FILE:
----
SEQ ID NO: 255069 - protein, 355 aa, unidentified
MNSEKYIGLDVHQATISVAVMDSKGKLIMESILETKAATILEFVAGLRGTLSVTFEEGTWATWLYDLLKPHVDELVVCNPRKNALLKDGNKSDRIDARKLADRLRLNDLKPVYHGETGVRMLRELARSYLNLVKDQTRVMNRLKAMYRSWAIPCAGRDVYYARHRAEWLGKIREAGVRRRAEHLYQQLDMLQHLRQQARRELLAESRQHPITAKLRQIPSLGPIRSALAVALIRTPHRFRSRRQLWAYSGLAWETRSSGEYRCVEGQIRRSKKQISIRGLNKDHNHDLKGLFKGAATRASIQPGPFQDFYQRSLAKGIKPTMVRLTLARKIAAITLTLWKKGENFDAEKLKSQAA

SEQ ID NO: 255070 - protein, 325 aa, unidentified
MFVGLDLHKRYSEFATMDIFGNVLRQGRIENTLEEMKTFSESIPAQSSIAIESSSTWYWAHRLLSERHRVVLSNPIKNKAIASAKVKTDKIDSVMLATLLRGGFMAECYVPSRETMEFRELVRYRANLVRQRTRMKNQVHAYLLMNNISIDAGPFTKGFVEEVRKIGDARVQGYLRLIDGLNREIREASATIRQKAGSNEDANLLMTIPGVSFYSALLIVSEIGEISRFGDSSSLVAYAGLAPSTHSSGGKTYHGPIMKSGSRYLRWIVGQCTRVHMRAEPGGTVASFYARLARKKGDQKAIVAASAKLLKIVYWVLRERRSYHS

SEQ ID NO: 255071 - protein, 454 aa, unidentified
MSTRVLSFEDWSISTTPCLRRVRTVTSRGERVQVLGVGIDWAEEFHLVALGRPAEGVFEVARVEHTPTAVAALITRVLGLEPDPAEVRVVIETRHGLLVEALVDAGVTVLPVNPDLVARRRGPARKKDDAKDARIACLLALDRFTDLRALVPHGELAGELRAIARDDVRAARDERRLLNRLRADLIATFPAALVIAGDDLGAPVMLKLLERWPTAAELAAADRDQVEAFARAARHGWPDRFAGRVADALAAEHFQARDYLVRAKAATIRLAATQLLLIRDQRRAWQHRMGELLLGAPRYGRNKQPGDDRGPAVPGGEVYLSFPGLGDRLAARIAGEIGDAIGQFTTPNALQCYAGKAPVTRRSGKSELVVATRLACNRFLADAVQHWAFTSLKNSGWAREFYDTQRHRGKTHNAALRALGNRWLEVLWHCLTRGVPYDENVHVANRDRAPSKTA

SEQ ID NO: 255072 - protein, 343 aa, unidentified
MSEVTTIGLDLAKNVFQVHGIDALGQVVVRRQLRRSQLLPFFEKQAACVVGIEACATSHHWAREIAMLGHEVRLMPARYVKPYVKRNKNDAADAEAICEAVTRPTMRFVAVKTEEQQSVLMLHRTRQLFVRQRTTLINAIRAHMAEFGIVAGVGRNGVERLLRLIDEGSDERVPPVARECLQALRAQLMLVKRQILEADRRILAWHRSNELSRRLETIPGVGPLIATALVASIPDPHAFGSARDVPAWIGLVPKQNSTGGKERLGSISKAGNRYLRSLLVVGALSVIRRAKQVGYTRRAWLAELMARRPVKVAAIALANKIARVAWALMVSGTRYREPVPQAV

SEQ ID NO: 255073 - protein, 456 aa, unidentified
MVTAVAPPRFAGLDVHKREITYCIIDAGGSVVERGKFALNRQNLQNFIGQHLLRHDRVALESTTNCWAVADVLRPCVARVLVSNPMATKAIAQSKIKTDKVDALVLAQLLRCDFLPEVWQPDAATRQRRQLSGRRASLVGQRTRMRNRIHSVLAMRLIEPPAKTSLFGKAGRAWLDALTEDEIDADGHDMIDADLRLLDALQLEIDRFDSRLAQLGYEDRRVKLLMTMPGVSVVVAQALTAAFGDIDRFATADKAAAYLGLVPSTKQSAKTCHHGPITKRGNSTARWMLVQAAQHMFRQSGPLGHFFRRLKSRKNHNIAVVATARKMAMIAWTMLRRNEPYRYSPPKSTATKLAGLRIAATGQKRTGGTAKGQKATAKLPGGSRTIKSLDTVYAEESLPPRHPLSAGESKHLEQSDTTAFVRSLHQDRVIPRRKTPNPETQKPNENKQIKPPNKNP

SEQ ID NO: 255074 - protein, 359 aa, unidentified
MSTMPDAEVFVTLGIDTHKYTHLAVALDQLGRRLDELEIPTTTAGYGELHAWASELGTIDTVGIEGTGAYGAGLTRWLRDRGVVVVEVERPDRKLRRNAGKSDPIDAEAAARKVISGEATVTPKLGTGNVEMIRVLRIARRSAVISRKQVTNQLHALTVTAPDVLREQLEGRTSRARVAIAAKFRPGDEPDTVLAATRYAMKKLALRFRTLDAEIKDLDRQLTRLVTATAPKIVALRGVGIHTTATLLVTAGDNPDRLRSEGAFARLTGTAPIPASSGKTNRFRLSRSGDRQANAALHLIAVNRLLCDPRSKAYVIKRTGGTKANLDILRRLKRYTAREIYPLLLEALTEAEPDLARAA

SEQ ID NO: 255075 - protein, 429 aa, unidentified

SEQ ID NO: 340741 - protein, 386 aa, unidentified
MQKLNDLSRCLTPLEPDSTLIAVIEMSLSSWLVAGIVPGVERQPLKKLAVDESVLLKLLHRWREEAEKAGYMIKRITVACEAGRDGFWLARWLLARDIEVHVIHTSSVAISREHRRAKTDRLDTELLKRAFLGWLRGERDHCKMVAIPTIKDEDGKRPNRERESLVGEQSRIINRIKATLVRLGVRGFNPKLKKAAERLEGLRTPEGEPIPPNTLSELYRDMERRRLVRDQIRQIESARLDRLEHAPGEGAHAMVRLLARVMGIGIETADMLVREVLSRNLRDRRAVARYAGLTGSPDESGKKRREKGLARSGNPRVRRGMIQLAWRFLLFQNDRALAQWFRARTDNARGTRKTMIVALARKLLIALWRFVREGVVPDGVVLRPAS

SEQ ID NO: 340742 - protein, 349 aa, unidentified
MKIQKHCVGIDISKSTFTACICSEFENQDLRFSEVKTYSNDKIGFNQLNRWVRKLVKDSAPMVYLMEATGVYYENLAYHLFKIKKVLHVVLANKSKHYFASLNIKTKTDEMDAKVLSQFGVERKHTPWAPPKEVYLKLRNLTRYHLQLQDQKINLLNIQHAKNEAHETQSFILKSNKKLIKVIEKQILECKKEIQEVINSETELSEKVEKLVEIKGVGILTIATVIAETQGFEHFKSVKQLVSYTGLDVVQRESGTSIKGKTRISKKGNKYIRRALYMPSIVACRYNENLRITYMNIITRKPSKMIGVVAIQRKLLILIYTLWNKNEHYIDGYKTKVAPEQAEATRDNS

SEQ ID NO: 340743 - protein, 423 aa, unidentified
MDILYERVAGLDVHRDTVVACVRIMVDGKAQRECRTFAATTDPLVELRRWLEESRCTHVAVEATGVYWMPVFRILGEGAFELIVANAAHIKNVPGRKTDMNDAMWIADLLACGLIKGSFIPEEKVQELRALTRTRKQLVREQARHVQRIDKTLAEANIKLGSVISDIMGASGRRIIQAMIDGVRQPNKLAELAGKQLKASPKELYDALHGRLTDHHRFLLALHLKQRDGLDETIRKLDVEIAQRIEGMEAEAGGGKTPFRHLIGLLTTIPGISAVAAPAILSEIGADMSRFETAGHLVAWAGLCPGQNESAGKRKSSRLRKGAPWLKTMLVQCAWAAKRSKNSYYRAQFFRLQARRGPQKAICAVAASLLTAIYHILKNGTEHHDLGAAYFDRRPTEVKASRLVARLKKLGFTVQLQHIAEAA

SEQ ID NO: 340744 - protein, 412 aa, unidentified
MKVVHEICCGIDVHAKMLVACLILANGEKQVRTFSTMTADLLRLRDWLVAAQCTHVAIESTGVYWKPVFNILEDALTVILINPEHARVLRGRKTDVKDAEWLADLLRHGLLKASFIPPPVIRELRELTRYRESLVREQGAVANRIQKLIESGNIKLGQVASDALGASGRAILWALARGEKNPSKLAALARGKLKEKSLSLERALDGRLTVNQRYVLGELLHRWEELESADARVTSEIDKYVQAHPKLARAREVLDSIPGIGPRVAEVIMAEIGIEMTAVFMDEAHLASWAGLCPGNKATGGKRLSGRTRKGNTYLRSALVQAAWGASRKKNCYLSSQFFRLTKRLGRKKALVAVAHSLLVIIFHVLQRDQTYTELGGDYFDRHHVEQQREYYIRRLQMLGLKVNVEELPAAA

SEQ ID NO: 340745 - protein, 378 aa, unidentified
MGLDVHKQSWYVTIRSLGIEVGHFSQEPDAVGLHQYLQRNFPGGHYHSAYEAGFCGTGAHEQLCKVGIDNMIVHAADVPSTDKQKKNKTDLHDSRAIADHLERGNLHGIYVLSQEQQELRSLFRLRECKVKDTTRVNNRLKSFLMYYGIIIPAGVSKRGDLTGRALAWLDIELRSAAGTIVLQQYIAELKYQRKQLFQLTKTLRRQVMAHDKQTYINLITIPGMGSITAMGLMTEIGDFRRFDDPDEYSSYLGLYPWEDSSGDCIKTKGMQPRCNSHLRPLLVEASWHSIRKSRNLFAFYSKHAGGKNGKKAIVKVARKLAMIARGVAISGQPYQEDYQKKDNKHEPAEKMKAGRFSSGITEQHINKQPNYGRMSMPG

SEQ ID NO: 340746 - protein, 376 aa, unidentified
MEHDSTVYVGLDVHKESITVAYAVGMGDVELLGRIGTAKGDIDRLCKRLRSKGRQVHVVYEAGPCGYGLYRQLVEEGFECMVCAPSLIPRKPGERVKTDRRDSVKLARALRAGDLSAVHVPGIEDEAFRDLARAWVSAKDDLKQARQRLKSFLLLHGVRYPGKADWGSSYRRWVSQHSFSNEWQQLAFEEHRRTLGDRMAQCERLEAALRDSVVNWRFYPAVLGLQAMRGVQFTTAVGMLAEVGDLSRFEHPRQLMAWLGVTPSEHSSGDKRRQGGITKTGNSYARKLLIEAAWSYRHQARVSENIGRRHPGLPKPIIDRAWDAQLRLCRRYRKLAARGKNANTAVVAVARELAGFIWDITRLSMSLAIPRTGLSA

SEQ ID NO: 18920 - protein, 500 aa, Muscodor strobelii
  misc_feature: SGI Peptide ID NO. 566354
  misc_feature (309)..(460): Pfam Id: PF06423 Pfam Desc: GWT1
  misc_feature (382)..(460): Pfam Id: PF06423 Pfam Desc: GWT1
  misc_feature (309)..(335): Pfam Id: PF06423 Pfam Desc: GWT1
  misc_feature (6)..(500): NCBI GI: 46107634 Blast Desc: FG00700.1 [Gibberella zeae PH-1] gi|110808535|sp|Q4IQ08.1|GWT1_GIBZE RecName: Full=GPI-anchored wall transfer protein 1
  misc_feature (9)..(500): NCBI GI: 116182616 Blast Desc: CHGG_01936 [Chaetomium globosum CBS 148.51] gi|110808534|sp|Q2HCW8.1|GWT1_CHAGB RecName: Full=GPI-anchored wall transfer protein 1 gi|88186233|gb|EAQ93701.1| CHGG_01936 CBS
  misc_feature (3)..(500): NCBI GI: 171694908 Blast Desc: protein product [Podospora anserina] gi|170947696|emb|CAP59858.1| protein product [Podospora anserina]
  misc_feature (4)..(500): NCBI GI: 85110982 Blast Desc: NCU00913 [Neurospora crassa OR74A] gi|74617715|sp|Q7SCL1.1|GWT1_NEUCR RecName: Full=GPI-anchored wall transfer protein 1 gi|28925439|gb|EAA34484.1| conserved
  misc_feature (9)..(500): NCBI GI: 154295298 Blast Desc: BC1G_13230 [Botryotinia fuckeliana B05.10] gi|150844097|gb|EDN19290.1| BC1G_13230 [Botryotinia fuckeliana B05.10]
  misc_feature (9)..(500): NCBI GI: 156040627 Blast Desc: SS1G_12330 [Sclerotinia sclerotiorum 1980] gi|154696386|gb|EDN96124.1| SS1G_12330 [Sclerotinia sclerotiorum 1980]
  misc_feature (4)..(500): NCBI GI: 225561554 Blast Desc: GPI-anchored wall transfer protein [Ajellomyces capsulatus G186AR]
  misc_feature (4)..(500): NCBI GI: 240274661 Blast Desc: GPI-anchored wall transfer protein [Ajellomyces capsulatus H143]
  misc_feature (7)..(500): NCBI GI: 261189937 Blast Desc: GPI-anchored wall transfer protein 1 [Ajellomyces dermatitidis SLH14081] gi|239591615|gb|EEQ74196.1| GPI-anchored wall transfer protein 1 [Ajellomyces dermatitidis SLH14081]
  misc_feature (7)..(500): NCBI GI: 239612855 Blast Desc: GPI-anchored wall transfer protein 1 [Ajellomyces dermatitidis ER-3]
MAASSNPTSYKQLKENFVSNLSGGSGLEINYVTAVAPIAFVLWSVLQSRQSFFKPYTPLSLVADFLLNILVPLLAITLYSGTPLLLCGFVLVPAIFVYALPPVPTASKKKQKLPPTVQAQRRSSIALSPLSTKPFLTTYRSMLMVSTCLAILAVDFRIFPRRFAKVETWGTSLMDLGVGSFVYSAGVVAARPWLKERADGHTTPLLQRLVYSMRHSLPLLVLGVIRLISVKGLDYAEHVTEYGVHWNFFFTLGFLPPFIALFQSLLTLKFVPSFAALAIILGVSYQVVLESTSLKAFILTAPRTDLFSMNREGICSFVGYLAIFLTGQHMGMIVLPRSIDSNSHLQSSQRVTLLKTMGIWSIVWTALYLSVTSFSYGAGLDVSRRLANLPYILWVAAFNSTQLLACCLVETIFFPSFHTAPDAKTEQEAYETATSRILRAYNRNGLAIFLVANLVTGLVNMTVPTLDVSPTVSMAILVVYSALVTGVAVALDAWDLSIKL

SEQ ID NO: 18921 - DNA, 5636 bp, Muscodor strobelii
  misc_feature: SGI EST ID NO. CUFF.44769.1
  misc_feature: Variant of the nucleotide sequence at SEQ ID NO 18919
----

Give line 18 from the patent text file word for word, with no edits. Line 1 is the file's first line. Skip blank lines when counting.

SEQ ID NO: 340743 - protein, 423 aa, unidentified